Flying Your Flag

According to the Bible, Adam and Eve were naked in the Garden of Eden. To me this means two things – (1) they were attractive and (2) they lived somewhere warmer than Canada. But after they ate the apple, suddenly the fig leaf trend hit and everybody was wearing one. The Bible says Adam and Eve felt ashamed and that’s why they needed to cover themselves. So the original purpose of clothing was to hide our shame. Some of us need to remember that as fashion trends come and go, A velour leisure suit is every bit as shameful as a naked body.

But clothing has gone way beyond that original purpose. It’s been used to identify groups of people like cowboys and Indians or armies or the Amish. If armies were naked, the two sides would only be differentiated by the size of their weapons. Many people are more comfortable in a group so dressing the same is a comforting way to blend in and not have to defend any individual choices. But as confidence and ego came into fashion, clothing became an extension of ourselves. ‘Clothes make the man’ my relatives used to say. Except for my uncle who said ‘Man makes the clothes’. He was a tailor. But I know what they were getting at. They were saying people judge you by looking at your clothes. Are they the latest fashion? Do they look good on you? Are they clean? Do they have holes in them? Are they supposed to have holes in them?

I think it’s all a trap. The fashion industry wants you to rely on your clothes to make up for any of your other inadequacies. And they try to get you when you’re most vulnerable – while you’re a teenager. Teenagers are the easiest customers in the marketplace. Strange things are happening to their bodies and their voices and other things. They’re inbetween childhood and adulthood for six or seven years and that’s a lotta time to be in the ondeck circle. They wanna be up to bat. They want to be making their own choices and running their own lives. But they can’t. At least not in most things. They have to live at home and go to school and pretend to listen to Dad.

So whenever they can express their own identity, they do. Through their music. Or their haircuts. But the most dramatic way is through their clothing. They can look tough or slutty or both or neither. Mom has dressed them for 12 years, those days are over. Teenagers want to fit in and stand out all at the same time. They want to be seen as innovative as long as their friends are innovative too. Wearing the latest fashion trends is a way to do that. And once they do that, the fashion folks have them for life. The kinds of clothes they buy will change but the need to buy them will last forever.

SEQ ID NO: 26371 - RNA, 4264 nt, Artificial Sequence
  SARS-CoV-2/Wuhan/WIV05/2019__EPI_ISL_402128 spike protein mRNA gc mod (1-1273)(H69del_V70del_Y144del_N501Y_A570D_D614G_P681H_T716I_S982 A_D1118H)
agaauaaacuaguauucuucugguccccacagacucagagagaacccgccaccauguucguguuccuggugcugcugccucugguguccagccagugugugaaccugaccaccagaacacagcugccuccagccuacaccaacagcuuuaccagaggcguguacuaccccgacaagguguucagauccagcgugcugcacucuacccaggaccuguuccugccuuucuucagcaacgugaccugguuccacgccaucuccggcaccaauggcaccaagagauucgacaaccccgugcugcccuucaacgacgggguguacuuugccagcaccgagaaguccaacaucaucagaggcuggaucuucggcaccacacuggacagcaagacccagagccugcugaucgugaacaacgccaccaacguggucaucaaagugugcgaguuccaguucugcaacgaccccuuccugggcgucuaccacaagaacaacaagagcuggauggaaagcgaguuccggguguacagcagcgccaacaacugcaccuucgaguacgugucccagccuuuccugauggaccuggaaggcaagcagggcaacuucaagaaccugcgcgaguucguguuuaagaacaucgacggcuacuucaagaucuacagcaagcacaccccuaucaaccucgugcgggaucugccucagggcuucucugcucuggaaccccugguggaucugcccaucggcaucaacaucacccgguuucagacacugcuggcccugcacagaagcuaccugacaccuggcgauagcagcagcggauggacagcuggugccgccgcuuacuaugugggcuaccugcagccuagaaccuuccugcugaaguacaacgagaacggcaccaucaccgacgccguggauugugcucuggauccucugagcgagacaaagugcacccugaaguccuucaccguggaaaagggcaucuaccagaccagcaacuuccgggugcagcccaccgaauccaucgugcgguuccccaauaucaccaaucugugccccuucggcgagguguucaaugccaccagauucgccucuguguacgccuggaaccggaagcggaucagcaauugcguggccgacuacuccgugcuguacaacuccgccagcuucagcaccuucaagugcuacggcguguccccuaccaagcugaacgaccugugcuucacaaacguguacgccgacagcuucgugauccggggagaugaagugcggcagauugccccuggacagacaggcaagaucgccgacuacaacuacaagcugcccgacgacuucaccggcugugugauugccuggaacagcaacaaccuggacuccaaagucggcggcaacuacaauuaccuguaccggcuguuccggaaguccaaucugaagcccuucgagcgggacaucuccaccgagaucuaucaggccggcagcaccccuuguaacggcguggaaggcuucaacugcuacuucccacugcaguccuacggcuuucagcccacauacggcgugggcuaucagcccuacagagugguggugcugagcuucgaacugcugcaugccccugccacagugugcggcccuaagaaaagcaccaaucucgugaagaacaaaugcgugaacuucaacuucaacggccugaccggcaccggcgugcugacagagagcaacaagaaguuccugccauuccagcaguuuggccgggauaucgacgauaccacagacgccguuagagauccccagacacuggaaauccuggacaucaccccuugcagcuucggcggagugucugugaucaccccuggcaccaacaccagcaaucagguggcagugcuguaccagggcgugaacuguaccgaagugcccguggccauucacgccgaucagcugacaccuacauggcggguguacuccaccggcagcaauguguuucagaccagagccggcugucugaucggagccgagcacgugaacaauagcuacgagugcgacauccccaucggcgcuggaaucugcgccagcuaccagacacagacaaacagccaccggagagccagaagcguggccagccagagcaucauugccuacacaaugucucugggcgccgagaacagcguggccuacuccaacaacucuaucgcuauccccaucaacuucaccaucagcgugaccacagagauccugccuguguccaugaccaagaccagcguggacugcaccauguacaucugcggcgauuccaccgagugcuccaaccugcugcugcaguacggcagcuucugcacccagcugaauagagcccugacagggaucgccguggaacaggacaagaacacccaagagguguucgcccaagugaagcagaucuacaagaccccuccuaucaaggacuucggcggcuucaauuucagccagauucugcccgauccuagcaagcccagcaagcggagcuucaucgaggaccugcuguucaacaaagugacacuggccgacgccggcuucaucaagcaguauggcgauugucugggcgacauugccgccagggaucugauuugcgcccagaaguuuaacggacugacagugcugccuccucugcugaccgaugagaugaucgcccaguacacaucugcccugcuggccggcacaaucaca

Not me. I have a few reasonably nice clothes that I can wear on social occasions. They’re not new but they’re ambiguously semi-classic and most of the time I can get away with them. And if somebody calls me out for wearing a shirt I’ve had for five years, I’m not embarrassed, I’m proud. They call it being out of style. I call it being in charge. Open your closet and take inventory. Chances are you’ve got $5,000 worth of clothes in there, most of which you never wear. My closet is around the $750 mark – $700 for social clothes and the other $50 for the clothes I wear day to day.

I don’t want to wear even somewhat expensive clothes day to day and I’ll tell you why: BECAUSE I DO THINGS. I change tires or replace spark plugs or rebuild carburetors or install toilets. I don’t hang out at the mall all day sipping lattes and looking at what everyone’s wearing. At the end of the day, I want to feel like I’ve accomplished something. I don’t care if nobody complimented me on my jeans. If I got the lawnmower running, that’s a good day.

And good clothes are wasted on me. If I’m dressed up and the furnace goes dead, I’ll be down in the basement with my tools ruining a really nice shirt. I know my wife would prefer it if I dressed better but she also likes the fact that I’m not afraid to get my hands dirty. As long as I eventually wash ‘em.

So if you really like clothes and fashion and want to always look your best, that’s fine. I have no problem with that. But don’t criticize those of us who go another way. Remember clothes were created to hide shame not to spread it.

Author: Yet Another Steve Smith

Yet another Steve Smith was conceived in the Spring of 1945 in what his father has described as ‘one of the most regrettable three minutes of my life’. On Christmas Eve of that year, while Santa was coming down the chimney, Steve was coming down the chute. He grew up, or least got taller, in Toronto Ontario Canada, followed by family moves to Brantford, Streetsville and Mississauga in futile attempts by his Dad to avoid litigation and seek employment. Enjoying the benefits of being an ugly guy in a small town, Steve married his high school sweetheart in 1966. He had several jobs while dabbling in the entertainment industry, eventually becoming a full-time dabbler working as a writer/performer in television until 2006. During that time he created a character who became very popular with people who like that kind of thing. Steve has done several North American one man shows in that character over the last few years. He has two sons and four grandchildren and tries not to say everything he thinks of. This blog may make that impossible.

One thought on “Flying Your Flag”

  1. My sentiment exactly…my everyday wear is jeans and a t-shirt, and has been for more than 50 years. I own one suit that doesn’t fit, and some “business casual” khaki pants and shirts with collars and buttons for special wear. I usually have one pair of shoes in circulation at a time, and they get used sloshing through mud, snow, and puddles, and go with jeans and khakis…and the ill-fitting suit if needed. After all, no one is looking at me anyway.

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